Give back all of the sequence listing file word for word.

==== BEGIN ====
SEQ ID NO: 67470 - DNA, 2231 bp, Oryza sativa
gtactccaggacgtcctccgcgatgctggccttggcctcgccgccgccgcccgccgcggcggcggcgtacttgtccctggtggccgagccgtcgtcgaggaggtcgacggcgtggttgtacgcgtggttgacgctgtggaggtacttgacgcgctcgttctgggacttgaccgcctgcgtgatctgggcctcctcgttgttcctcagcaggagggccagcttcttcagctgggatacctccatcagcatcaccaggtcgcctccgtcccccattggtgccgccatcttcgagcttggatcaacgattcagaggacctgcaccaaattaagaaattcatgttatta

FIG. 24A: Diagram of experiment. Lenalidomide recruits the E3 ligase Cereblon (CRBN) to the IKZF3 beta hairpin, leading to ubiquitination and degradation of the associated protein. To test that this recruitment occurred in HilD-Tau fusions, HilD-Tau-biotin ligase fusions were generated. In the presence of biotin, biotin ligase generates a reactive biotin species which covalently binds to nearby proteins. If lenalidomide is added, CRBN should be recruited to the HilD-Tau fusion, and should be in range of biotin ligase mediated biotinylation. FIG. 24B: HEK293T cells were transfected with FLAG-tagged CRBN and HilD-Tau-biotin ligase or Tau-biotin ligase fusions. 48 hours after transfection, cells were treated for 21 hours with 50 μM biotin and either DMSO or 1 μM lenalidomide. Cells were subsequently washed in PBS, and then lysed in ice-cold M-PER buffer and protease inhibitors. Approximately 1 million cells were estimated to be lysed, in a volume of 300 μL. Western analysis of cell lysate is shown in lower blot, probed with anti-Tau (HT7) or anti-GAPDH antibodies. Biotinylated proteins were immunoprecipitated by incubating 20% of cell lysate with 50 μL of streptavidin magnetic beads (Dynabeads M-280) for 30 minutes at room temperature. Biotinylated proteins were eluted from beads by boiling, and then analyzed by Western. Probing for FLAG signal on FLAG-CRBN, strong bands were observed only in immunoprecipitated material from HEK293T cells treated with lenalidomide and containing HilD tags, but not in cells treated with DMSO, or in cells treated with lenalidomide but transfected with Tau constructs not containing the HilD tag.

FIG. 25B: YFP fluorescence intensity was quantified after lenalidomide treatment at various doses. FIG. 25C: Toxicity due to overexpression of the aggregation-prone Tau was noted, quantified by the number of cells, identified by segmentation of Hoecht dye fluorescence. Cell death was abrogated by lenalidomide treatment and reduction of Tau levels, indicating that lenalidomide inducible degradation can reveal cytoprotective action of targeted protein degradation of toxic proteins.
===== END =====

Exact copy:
SEQ ID NO: 67470 - DNA, 2231 bp, Oryza sativa
gtactccaggacgtcctccgcgatgctggccttggcctcgccgccgccgcccgccgcggcggcggcgtacttgtccctggtggccgagccgtcgtcgaggaggtcgacggcgtggttgtacgcgtggttgacgctgtggaggtacttgacgcgctcgttctgggacttgaccgcctgcgtgatctgggcctcctcgttgttcctcagcaggagggccagcttcttcagctgggatacctccatcagcatcaccaggtcgcctccgtcccccattggtgccgccatcttcgagcttggatcaacgattcagaggacctgcaccaaattaagaaattcatgttatta

FIG. 24A: Diagram of experiment. Lenalidomide recruits the E3 ligase Cereblon (CRBN) to the IKZF3 beta hairpin, leading to ubiquitination and degradation of the associated protein. To test that this recruitment occurred in HilD-Tau fusions, HilD-Tau-biotin ligase fusions were generated. In the presence of biotin, biotin ligase generates a reactive biotin species which covalently binds to nearby proteins. If lenalidomide is added, CRBN should be recruited to the HilD-Tau fusion, and should be in range of biotin ligase mediated biotinylation. FIG. 24B: HEK293T cells were transfected with FLAG-tagged CRBN and HilD-Tau-biotin ligase or Tau-biotin ligase fusions. 48 hours after transfection, cells were treated for 21 hours with 50 μM biotin and either DMSO or 1 μM lenalidomide. Cells were subsequently washed in PBS, and then lysed in ice-cold M-PER buffer and protease inhibitors. Approximately 1 million cells were estimated to be lysed, in a volume of 300 μL. Western analysis of cell lysate is shown in lower blot, probed with anti-Tau (HT7) or anti-GAPDH antibodies. Biotinylated proteins were immunoprecipitated by incubating 20% of cell lysate with 50 μL of streptavidin magnetic beads (Dynabeads M-280) for 30 minutes at room temperature. Biotinylated proteins were eluted from beads by boiling, and then analyzed by Western. Probing for FLAG signal on FLAG-CRBN, strong bands were observed only in immunoprecipitated material from HEK293T cells treated with lenalidomide and containing HilD tags, but not in cells treated with DMSO, or in cells treated with lenalidomide but transfected with Tau constructs not containing the HilD tag.

FIG. 25B: YFP fluorescence intensity was quantified after lenalidomide treatment at various doses. FIG. 25C: Toxicity due to overexpression of the aggregation-prone Tau was noted, quantified by the number of cells, identified by segmentation of Hoecht dye fluorescence. Cell death was abrogated by lenalidomide treatment and reduction of Tau levels, indicating that lenalidomide inducible degradation can reveal cytoprotective action of targeted protein degradation of toxic proteins.